What a difference two weeks makes. Two weeks ago, Bernie Sanders and Ted Cruz upset their party’s frontrunners in Wisconsin. And while both Donald Trump and Hillary Clinton were expected to win New York, the margin of victory for each candidate has re-established them as their party’s front runners (although, to be precise, Hillary Clinton has not been in danger of losing her front runner status for some time). We will discuss each party’s primaries below:
While Bernie Sanders carried the Wisconsin primary 57-43% two weeks ago, those results were reversed tonight: Hillary Clinton won New York 58-42%. Demographics clearly played a part: the Democratic primary electorate is dominated by New York City, which has substantial percentages both of blacks and Hispanics, and both were solidly behind Clinton. However, the suburban counties north and east of New York City contributed to her victory as well by providing crucial support. That New York City urban/suburban vote was only partially diluted by Sanders victories throughout much of Upstate New York.
It also didn’t hurt (from Hillary’s perspective) that only registered Democrats could vote in the Democratic primary, and a potential primary voter had to have been registered as a Democrat as of last October. This essentially prevented any late breaking enthusiasm for Sanders from Independent voters who might otherwise have selected a Democratic ballot.
New York was another state (like Wisconsin two weeks ago) where Democratic turnout was strong but not record-breaking: final Democratic turnout is estimated to be about 1.8 million voters, or about 70,000 less than the record breaking 2008 turnout.
Next week’s contests will help Clinton, but her victories are likely not to be as one-sided: they will all be held in Northeastern/New England states, and the Democratic electorates in those states are not as demographically diverse as New York’s.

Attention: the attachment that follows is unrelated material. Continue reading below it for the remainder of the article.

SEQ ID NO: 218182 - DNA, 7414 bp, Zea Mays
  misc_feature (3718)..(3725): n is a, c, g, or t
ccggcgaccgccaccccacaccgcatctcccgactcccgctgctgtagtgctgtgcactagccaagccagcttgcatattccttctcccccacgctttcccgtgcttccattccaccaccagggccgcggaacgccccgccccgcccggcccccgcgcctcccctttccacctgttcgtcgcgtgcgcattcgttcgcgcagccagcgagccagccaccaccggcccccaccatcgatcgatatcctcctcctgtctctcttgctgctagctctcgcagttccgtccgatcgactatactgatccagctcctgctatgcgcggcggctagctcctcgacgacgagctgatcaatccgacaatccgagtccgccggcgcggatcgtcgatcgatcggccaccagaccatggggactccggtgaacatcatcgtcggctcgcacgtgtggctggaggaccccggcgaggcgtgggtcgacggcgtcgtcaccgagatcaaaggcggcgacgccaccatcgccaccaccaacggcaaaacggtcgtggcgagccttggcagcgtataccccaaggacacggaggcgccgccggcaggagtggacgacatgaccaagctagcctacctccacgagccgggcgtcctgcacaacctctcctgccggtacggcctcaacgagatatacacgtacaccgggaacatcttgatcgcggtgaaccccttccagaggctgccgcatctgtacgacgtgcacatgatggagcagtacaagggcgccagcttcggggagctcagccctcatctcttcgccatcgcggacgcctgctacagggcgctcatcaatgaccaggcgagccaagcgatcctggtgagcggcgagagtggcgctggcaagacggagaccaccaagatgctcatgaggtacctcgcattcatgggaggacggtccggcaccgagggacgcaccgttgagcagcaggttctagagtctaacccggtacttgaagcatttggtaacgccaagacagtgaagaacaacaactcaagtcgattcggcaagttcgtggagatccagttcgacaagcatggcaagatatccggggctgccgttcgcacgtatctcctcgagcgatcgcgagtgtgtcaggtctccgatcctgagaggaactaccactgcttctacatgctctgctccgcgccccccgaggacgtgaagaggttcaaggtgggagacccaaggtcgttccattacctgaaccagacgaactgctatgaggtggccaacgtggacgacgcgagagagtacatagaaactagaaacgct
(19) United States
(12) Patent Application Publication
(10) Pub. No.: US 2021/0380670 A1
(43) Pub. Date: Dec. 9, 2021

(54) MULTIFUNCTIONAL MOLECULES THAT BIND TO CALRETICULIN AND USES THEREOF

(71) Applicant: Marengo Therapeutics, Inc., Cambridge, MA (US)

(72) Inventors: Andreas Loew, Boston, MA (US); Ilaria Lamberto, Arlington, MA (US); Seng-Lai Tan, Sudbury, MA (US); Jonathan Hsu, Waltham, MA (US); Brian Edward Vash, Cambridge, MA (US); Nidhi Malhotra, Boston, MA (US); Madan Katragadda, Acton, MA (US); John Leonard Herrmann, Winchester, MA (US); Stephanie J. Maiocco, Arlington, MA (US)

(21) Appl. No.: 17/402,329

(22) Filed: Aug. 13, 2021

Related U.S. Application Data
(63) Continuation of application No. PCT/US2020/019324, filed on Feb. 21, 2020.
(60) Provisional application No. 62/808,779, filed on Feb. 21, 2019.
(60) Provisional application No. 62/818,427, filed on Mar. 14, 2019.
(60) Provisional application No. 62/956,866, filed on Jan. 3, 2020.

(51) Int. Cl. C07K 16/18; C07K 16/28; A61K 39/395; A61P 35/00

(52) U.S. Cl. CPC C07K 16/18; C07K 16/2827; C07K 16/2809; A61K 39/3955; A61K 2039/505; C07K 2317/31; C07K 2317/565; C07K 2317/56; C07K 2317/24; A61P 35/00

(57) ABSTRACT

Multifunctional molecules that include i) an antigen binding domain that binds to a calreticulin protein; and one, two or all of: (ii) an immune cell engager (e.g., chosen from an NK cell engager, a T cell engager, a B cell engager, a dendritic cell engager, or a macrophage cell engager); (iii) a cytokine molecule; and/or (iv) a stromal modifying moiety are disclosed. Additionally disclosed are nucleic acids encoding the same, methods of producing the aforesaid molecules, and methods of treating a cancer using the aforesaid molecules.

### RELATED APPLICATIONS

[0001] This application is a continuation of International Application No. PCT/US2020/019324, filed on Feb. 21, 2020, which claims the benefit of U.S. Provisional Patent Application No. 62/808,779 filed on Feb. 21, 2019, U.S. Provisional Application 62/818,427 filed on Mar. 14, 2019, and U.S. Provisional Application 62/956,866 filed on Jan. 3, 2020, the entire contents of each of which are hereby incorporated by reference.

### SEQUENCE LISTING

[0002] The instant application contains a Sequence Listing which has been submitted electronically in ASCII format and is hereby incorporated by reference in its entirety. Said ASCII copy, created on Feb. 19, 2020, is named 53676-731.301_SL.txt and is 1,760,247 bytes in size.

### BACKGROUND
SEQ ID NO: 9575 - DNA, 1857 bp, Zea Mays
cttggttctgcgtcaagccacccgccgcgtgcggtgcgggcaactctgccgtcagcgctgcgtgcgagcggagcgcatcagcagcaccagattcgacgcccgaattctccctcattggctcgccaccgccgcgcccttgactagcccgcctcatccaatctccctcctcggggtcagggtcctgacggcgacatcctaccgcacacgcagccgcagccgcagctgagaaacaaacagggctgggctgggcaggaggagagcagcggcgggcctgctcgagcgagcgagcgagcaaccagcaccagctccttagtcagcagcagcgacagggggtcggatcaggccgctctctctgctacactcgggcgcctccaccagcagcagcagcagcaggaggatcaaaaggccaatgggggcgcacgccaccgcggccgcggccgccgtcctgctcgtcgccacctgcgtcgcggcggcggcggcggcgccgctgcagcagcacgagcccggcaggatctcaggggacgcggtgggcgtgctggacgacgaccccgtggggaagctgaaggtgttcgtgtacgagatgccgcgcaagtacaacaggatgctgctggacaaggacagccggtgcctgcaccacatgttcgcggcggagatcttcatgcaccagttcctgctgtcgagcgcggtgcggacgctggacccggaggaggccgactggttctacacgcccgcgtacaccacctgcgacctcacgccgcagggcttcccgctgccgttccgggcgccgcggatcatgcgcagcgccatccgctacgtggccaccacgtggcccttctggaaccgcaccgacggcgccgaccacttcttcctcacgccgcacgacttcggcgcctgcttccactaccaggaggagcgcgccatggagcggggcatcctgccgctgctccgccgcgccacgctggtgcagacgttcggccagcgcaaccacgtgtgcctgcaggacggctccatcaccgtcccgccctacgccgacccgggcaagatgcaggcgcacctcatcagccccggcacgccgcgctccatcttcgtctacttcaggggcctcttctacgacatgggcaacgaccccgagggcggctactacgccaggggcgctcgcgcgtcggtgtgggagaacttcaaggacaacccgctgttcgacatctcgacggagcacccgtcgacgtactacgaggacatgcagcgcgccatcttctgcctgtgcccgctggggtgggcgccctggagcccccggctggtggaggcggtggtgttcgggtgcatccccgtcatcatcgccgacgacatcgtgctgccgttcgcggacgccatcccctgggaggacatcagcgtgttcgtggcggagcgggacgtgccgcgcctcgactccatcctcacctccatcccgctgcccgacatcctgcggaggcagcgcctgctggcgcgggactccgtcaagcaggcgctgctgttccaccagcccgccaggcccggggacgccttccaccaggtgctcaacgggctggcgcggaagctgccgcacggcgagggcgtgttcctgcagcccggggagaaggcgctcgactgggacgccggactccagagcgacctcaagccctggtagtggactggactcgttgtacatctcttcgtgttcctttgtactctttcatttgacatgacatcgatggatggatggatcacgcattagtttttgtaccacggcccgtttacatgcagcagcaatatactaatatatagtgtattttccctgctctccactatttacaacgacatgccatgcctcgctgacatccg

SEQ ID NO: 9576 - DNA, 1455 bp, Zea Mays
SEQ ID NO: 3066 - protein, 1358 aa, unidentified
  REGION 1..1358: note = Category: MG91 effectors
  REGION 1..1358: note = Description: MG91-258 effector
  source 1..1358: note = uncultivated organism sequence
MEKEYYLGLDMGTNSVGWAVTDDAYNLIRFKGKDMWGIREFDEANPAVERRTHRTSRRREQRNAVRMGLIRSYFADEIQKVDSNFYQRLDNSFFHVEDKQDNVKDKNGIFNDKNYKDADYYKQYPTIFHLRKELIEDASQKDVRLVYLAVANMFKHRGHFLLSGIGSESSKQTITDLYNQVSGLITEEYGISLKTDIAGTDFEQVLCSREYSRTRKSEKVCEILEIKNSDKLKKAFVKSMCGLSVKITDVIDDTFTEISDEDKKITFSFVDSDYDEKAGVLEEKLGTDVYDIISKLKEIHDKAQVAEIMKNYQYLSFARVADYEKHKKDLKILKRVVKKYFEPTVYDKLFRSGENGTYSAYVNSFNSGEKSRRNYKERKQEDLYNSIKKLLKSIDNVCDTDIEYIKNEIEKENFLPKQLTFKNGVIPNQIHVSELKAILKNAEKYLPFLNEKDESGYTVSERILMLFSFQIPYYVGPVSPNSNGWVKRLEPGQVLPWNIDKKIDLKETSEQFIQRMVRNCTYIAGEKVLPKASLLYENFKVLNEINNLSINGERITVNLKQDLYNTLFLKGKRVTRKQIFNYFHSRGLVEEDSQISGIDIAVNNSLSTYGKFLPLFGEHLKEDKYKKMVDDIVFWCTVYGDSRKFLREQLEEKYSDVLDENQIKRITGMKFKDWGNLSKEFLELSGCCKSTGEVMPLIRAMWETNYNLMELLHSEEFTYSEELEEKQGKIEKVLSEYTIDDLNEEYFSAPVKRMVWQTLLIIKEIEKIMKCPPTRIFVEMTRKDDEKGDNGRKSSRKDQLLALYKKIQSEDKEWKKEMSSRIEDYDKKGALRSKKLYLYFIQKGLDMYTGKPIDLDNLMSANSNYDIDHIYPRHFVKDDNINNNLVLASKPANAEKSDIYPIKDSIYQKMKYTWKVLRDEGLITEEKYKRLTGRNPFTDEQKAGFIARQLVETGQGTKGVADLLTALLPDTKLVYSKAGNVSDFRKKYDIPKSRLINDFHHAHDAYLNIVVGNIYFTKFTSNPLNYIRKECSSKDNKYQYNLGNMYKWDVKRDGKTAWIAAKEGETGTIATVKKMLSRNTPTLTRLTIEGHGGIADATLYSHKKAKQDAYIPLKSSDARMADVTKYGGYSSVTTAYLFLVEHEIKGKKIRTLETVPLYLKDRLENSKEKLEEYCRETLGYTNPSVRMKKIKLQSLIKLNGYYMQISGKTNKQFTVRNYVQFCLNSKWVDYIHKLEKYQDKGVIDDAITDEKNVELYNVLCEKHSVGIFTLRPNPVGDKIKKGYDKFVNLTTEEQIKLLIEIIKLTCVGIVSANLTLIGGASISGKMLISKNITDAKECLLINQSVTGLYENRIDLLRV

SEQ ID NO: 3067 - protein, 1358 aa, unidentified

That Donald Trump would carry his home state of New York was never in question: polls always showed him with unambiguous leads with over 50% of the vote. However, Trump’s overwhelming 60% victory almost certainly puts him in the driver’s seat: this was the highest vote percentage he has received in any state since the 49% of the vote he got in Massachusetts seven weeks ago. Furthermore, Ted Cruz still has not been able to establish himself as Trump’s main opponent: John Kasich earned that honor instead tonight by outpolling Cruz 25-15%.
Given that the anti Trump vote went to Kasich in New York, Ted Cruz is likely to have another unfavorable round of contests next week as well, as five northeastern/New England states (Connecticut, Delaware, Maryland, Pennsylvania, and Rhode Island) vote next Tuesday. And given that Kasich still has strength among more moderate Republican primary voters in the Northeast/New England, Ted Cruz won’t be in a position to consolidate the anti-Trump vote until Indiana’s May 3 primary at the earliest.
And while Donald Trump showed unambiguous strength tonight (he carried every county except, ironically, his home county of Manhattan), he still needs to win big in next week’s primaries if he wants to go into Indiana looking like a clear front runner. However, it helps (for now) that there is no clear “anti Trump” candidate with consistent national strength.
Throughout primary season, GOP turnout has been at record levels, and tonight’s contest was no exception: Republican turnout will be estimated to be about 840,000, which is 25% higher than it was in 2008.
In the short term (particularly given Trump’s overwhelming win in New York), Donald Trump will likely look like a strong front runner going into the Indiana contest on May 3. However, his fortunes are more uncertain in the handful of contests to be held between May 3 and the final contests on June 7: West Virginia and Nebraska vote on May 10, and Oregon votes on May 17. Those states are in terrain more favorable towards Ted Cruz, although continued Kasich strength in next week’s contests might challenge that assumption. The culmination of the nomination contest will be on June 7, with California as the prize.
For the Democrats, Hillary just needs to avoid any more embarrassing defeats and/or close contests, although it looks like the May contests are likely to favor Sanders.